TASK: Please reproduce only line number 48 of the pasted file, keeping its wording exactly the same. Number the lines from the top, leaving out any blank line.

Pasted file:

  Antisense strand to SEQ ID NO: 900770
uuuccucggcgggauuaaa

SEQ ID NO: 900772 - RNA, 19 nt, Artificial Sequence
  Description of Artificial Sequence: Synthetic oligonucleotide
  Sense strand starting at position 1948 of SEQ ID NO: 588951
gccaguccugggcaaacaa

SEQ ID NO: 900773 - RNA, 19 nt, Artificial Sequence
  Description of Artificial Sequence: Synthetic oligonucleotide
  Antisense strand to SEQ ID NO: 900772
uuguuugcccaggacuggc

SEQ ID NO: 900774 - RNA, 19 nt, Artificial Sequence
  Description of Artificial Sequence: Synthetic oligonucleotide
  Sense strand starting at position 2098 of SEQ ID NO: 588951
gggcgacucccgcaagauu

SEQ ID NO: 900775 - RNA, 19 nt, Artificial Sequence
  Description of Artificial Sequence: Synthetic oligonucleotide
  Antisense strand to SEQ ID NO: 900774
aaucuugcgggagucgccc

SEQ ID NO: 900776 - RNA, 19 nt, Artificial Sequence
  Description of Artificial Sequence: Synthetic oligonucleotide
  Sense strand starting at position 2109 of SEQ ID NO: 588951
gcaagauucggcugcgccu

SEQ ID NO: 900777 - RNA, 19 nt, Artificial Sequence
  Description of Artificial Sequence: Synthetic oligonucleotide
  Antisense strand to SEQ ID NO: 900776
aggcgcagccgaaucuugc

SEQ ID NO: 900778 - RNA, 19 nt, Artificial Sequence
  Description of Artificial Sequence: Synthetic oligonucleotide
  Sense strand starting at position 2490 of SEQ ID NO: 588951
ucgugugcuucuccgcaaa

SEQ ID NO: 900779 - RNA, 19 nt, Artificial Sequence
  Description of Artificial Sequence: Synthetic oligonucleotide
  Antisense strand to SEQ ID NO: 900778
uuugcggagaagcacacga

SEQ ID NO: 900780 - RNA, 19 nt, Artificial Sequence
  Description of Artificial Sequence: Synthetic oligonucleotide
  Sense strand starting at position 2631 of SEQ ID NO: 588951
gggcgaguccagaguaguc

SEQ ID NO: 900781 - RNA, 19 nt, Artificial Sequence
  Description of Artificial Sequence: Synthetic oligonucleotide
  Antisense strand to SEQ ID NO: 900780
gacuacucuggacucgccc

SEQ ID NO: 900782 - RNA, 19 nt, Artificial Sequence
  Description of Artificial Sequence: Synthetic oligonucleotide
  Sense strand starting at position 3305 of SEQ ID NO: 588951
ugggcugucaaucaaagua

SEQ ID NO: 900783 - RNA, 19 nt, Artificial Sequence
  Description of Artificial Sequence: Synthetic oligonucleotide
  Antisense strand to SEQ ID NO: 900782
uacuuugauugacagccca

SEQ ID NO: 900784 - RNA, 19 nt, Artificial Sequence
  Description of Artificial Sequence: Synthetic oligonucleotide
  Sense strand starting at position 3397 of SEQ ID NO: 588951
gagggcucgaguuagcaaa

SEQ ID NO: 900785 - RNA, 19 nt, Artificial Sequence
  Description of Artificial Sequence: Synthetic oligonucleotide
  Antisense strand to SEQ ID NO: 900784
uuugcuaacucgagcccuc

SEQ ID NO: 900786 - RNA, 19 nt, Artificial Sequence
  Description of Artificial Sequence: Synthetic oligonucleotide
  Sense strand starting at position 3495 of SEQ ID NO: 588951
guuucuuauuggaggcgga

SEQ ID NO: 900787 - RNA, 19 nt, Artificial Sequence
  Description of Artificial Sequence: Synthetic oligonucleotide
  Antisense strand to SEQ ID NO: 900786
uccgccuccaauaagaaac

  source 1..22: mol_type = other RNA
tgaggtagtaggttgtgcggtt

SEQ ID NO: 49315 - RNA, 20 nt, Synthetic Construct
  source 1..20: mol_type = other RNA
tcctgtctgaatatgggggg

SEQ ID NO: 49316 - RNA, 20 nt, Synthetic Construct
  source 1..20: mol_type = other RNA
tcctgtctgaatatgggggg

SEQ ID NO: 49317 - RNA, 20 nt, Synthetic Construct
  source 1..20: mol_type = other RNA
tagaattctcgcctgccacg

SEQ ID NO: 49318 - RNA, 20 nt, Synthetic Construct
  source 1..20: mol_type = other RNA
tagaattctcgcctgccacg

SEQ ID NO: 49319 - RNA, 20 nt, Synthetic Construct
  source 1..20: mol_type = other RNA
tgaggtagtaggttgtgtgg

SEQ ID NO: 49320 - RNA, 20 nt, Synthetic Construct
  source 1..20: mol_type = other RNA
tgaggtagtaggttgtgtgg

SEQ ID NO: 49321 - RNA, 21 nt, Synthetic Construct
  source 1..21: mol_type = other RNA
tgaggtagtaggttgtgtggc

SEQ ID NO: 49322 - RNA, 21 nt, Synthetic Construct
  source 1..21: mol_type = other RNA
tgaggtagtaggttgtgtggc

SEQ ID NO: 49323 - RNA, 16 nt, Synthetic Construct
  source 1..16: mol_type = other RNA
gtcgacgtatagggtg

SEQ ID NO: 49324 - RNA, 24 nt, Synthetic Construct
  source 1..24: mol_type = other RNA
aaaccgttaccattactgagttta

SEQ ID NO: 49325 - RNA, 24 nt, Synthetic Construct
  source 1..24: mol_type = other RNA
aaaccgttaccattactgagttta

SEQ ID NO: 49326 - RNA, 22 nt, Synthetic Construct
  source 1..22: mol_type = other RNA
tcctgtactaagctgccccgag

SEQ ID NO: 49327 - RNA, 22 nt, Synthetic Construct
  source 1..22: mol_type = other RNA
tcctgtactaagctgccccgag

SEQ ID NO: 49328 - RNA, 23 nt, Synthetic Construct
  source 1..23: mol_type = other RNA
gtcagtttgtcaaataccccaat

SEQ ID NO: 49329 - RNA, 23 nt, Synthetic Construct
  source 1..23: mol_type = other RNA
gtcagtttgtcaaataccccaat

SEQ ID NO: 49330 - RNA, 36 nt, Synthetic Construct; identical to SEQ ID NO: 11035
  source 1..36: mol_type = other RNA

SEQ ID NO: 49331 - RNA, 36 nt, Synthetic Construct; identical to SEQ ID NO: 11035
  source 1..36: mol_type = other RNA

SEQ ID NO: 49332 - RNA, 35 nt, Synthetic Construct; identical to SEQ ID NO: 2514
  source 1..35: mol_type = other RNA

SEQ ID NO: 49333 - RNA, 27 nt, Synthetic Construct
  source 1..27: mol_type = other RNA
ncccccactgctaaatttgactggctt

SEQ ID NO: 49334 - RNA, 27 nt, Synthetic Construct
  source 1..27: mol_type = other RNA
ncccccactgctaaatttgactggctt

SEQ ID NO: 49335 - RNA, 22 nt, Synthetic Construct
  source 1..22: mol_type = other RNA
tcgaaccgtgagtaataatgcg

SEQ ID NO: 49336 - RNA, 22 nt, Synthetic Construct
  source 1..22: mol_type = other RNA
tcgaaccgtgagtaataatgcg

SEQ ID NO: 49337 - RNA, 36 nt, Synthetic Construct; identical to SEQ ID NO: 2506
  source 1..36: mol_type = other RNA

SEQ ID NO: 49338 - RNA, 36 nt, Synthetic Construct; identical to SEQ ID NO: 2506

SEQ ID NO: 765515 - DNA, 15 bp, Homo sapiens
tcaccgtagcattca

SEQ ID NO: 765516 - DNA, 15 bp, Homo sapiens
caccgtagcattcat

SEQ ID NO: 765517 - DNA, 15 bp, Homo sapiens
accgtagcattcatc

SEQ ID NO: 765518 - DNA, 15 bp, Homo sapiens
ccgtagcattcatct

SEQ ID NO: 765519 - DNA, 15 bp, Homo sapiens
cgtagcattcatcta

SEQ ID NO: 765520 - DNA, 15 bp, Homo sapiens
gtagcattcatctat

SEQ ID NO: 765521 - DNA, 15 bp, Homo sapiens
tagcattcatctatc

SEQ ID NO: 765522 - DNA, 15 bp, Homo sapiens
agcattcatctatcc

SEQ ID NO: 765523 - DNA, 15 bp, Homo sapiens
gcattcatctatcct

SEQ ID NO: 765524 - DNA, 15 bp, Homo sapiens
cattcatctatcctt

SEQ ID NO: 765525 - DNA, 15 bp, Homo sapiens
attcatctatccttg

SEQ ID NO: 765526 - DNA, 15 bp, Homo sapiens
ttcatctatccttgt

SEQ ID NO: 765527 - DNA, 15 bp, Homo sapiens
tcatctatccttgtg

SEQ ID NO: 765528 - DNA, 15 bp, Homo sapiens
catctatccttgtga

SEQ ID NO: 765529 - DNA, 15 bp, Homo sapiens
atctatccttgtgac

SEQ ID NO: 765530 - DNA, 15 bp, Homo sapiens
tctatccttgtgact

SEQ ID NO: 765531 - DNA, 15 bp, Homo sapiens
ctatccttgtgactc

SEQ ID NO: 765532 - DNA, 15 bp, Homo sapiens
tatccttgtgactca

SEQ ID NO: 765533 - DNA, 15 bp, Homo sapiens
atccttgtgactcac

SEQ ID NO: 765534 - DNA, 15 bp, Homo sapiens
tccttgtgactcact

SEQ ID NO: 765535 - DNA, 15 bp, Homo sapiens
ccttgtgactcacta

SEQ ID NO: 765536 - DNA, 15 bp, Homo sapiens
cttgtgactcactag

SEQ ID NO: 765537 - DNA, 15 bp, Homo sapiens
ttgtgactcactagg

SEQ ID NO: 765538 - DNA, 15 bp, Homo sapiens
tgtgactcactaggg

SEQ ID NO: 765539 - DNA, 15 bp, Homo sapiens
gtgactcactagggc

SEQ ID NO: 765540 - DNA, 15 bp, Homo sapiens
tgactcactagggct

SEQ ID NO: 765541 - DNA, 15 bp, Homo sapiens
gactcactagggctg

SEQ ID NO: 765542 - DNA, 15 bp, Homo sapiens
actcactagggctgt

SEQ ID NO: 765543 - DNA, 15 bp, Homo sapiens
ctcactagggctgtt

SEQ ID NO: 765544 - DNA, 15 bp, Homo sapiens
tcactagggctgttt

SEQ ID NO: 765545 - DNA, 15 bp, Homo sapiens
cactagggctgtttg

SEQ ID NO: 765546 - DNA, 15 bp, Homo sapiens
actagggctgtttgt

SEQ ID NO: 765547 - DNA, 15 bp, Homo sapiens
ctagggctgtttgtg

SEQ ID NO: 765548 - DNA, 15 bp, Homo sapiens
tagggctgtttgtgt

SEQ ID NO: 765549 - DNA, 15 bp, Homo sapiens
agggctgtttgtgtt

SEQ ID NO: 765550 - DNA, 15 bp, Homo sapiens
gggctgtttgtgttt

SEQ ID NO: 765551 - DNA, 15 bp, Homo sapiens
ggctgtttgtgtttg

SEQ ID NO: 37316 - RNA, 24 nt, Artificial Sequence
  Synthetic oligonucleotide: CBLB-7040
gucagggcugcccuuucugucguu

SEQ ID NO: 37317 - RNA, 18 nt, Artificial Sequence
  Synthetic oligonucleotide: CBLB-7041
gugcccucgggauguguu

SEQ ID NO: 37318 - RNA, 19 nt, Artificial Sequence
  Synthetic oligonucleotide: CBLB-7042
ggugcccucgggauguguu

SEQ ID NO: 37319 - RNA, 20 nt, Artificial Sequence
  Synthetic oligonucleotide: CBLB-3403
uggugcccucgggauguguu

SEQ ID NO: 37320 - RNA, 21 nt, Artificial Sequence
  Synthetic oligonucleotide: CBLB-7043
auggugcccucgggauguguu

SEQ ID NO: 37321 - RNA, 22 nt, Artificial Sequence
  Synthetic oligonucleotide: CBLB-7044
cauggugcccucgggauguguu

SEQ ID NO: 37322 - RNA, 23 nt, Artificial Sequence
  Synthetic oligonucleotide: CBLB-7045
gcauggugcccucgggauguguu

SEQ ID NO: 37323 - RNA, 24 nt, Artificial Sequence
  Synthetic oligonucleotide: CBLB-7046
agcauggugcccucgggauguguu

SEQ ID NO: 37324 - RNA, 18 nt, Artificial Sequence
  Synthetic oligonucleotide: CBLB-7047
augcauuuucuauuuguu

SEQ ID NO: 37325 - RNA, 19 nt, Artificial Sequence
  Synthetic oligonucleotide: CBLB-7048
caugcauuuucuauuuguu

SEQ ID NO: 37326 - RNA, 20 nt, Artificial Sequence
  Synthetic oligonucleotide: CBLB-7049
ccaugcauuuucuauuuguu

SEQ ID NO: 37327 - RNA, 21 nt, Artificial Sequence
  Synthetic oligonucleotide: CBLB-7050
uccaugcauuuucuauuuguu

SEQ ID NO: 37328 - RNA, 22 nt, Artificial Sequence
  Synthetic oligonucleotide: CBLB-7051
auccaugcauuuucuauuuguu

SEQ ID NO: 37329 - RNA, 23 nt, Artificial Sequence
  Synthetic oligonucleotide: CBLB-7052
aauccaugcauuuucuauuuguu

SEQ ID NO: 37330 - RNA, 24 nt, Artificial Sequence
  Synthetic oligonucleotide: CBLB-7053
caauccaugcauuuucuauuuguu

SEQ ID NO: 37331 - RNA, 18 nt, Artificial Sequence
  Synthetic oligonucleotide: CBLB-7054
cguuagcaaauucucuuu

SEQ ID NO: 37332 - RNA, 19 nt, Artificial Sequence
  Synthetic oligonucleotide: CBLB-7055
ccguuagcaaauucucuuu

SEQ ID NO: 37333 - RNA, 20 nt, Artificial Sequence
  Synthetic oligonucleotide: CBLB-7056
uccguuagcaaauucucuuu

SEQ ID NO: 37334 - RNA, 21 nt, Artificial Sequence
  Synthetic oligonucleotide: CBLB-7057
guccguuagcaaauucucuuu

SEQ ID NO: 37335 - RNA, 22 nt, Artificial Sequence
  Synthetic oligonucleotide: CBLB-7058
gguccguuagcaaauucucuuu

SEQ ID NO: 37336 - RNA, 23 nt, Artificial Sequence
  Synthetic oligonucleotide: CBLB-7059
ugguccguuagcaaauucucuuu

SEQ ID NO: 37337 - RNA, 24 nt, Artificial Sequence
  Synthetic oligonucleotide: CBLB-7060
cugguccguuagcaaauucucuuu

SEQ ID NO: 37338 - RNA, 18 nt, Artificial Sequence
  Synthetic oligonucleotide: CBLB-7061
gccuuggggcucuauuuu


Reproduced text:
  Description of Artificial Sequence: Synthetic oligonucleotide